US Pharm. 2009;35(6):1.
While am certain that Bob Dylan was not referring to health care reform when he wrote the first verse to this prophetic song in 1963, it has certainly stood the test of time when it comes to the major changes we’ve seen in health care since he penned it. And I’m pretty sure that Walgreens was not thinking about Dylan’s classic song when it announced last month that it had been approached by the UnitedHealth Group to be a founding partner along with YMCA of the USA in offering its patients with type 2 diabetes access to its new Diabetes Control Program. And while Walgreens is not the first pharmacy to offer a program to counsel and monitor patients with type 2 diabetes, this does represent the first time a major national pharmacy chain has taken more than a dip into the waters of utilizing its pharmacists to play a major role in medication therapy management.
I applaud UnitedHealth and Walgreens for creating a comprehensive program that will utilize Walgreens pharmacists to offer personalized coaching and counseling to help patients diagnosed with type 2 diabetes manage their condition and improve adherence to their physicians’ treatment plans. I’ve always maintained that pharmacists’ involvement in such a program was not revolutionary but evolutionary, and that it would take a major chain like Walgreens to send the message to the rest of the retail pharmacy universe that you “better start swimmin’ or you’ll sink like a stone.” According to a little-publicized press release last month, Walgreens will train pharmacists in select markets to “provide diabetes education and behavioral intervention, risk-factor reduction, health promotion and regular examinations for early signs of complications, all in the convenient setting of a local pharmacy.” Most important, UnitedHealth, a major provider of employer health care plans, “will cover these services at no charge to plan participants enrolled in employer-provided health insurance plans…marking the first time in the country that a health plan will pay for an evidence-based diabetes prevention and control program.”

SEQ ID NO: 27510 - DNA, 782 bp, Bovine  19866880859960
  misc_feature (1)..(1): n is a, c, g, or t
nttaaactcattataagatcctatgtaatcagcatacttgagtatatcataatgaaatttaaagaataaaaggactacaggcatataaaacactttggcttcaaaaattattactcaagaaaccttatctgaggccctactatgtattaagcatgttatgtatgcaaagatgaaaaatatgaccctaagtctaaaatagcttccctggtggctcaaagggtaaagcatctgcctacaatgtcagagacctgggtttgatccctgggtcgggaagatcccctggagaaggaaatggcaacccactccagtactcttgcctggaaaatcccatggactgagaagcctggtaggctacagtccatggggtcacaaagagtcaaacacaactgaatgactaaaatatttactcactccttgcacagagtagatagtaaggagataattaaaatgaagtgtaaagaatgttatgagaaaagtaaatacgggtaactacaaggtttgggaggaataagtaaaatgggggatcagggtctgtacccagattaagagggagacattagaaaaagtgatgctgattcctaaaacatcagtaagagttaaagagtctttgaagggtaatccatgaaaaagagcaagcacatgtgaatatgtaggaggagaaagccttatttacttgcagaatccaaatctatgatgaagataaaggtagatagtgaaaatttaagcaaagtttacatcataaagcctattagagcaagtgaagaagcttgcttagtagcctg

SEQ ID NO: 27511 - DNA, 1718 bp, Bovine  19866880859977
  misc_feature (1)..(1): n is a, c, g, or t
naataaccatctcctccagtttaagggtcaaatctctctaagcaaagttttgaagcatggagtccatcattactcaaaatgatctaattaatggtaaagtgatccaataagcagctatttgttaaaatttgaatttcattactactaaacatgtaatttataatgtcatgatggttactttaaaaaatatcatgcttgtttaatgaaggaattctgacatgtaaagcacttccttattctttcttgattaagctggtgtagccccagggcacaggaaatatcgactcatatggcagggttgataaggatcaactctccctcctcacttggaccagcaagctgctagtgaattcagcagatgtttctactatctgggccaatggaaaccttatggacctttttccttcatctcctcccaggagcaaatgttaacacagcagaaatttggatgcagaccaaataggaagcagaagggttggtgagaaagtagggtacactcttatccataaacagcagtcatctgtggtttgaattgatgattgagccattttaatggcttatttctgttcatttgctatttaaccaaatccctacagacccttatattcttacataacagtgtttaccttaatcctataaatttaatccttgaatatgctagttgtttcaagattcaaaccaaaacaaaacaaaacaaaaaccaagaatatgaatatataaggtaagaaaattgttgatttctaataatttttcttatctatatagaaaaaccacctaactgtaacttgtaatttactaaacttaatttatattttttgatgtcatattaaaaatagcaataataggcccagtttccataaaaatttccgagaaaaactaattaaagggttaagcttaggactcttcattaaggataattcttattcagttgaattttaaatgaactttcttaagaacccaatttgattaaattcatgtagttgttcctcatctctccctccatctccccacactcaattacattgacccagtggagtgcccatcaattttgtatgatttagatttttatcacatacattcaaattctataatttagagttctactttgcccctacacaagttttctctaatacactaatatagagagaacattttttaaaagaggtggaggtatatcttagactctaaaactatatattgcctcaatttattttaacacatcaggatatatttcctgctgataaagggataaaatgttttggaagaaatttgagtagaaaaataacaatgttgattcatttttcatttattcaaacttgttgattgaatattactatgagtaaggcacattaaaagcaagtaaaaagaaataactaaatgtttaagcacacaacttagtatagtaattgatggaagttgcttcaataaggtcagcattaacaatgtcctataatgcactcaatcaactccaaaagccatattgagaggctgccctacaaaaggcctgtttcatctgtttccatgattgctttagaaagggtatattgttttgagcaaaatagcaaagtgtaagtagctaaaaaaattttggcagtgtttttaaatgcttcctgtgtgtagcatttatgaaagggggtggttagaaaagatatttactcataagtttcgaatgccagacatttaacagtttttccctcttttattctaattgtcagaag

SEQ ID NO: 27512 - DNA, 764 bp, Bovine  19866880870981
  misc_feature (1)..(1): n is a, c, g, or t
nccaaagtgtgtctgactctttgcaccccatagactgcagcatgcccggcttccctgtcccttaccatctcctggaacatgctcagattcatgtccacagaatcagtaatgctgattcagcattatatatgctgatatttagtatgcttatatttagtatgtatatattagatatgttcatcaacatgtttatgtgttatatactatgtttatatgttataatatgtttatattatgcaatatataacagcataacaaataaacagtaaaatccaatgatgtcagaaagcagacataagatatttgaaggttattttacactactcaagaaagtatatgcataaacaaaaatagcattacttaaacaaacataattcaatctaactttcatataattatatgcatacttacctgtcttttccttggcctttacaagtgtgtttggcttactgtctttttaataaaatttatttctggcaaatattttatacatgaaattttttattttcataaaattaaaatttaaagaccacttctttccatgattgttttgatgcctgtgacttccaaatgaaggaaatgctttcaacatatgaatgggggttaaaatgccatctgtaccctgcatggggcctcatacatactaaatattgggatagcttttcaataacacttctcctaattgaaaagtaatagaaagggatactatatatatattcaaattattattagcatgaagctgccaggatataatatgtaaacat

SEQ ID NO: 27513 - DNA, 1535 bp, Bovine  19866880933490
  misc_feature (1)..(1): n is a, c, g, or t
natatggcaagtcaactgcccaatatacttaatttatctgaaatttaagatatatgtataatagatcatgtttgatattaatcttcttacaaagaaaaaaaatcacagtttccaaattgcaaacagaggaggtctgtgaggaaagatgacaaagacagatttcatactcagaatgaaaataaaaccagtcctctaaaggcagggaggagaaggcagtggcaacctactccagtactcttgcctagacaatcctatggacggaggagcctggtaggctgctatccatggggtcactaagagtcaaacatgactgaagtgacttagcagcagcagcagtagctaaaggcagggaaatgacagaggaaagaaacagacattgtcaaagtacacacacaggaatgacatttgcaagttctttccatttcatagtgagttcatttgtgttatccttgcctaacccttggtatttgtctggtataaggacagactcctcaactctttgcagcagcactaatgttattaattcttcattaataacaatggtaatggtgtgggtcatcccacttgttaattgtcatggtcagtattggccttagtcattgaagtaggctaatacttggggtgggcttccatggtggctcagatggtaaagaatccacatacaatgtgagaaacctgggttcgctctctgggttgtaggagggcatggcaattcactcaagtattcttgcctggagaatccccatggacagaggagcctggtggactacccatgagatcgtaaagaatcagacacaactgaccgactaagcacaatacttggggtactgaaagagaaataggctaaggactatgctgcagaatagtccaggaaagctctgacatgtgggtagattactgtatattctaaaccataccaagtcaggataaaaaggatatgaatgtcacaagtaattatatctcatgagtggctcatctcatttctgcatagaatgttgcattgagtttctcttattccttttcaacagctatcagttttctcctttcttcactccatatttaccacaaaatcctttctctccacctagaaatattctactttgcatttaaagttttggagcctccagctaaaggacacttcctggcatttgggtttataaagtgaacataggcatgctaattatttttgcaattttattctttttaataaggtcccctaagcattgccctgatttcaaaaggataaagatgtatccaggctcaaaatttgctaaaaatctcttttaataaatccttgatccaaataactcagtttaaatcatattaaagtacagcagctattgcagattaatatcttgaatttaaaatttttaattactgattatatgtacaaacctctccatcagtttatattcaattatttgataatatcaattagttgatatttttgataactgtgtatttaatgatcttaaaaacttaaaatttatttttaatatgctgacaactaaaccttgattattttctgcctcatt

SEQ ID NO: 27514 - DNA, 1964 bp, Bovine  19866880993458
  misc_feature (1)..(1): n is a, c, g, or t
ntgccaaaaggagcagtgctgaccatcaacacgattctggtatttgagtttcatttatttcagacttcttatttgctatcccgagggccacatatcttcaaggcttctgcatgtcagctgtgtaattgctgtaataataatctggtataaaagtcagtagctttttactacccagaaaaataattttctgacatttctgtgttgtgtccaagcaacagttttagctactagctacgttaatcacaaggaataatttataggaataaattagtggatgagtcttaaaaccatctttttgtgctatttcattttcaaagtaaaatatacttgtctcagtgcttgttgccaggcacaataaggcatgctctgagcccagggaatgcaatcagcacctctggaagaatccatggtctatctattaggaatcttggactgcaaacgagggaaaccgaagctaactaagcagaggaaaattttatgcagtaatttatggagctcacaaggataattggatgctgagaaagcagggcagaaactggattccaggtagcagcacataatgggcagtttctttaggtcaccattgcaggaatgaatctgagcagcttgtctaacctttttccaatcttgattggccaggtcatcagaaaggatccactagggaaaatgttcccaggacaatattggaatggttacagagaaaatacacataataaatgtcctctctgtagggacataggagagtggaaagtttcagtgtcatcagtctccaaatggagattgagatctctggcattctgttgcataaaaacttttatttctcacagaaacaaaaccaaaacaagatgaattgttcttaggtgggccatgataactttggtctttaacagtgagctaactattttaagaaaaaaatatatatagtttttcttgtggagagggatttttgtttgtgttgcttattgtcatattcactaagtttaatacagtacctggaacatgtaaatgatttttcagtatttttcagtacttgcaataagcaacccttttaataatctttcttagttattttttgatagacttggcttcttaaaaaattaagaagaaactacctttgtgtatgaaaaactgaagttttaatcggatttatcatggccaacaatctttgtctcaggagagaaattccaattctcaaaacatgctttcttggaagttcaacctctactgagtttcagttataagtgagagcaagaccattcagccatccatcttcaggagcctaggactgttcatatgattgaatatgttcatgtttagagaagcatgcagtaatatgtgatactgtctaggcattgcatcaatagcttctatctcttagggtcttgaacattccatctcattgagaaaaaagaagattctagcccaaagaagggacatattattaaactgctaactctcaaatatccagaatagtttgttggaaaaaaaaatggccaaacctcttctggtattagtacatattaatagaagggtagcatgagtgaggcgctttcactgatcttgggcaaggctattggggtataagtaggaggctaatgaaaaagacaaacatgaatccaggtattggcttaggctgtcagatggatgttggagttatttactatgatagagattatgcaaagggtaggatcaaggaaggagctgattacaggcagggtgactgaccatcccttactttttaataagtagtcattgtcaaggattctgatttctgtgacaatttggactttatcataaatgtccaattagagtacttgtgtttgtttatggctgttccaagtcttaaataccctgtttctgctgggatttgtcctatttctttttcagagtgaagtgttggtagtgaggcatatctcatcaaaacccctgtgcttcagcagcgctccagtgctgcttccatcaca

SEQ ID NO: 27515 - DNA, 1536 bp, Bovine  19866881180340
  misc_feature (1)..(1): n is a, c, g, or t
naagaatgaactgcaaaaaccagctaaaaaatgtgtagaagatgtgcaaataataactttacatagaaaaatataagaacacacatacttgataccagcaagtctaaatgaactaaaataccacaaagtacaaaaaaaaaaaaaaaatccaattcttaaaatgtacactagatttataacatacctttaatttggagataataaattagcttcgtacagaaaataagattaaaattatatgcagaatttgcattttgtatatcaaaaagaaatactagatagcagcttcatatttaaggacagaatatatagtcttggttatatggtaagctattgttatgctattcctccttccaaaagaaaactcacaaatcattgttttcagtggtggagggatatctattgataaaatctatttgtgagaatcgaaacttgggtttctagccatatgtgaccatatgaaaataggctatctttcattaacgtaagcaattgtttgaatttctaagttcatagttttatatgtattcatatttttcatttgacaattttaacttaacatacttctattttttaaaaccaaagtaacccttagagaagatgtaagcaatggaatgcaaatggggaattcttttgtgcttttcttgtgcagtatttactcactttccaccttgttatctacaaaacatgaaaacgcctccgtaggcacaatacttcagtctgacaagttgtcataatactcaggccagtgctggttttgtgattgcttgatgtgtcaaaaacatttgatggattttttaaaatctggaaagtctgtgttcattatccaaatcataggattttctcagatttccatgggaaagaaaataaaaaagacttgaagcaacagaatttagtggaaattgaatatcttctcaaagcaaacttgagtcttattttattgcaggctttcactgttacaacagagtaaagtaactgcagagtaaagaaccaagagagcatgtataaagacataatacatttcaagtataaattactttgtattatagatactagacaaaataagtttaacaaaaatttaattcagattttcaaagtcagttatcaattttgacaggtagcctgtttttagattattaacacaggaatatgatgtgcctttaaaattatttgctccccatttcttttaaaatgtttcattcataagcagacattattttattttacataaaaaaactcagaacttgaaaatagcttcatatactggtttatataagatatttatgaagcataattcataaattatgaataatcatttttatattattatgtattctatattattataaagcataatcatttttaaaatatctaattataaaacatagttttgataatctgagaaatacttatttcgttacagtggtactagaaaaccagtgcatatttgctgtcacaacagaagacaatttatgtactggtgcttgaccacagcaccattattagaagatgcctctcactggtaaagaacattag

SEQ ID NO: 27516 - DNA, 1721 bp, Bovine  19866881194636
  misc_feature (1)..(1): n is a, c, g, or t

Although details of what that payment will be and how Walgreens pharmacists will ultimately benefit from those payments are still unknown, I perceive the program as a huge step in taking pharmacists out from behind the counter and utilizing them for what they were best trained to do, face-to-face consultation. I also view this as a significant leap for pharmacists in reforming health care in this country. I am sure some cynics in the profession will see this program as just another way for big chains to abuse pharmacists for their own financial gain; I certainly hope that is not the case. Instead, I prefer to envision this effort as the first step in creating a new professional model for retail pharmacists. When it comes to retail pharmacy and whatever health care reform has in store for pharmacists, I agree with Bob Dylan that “the times they are a-changin’” and that as a profession we need to agree that the professional waters around us have grown and to “accept it” or get “drenched to the bone.”
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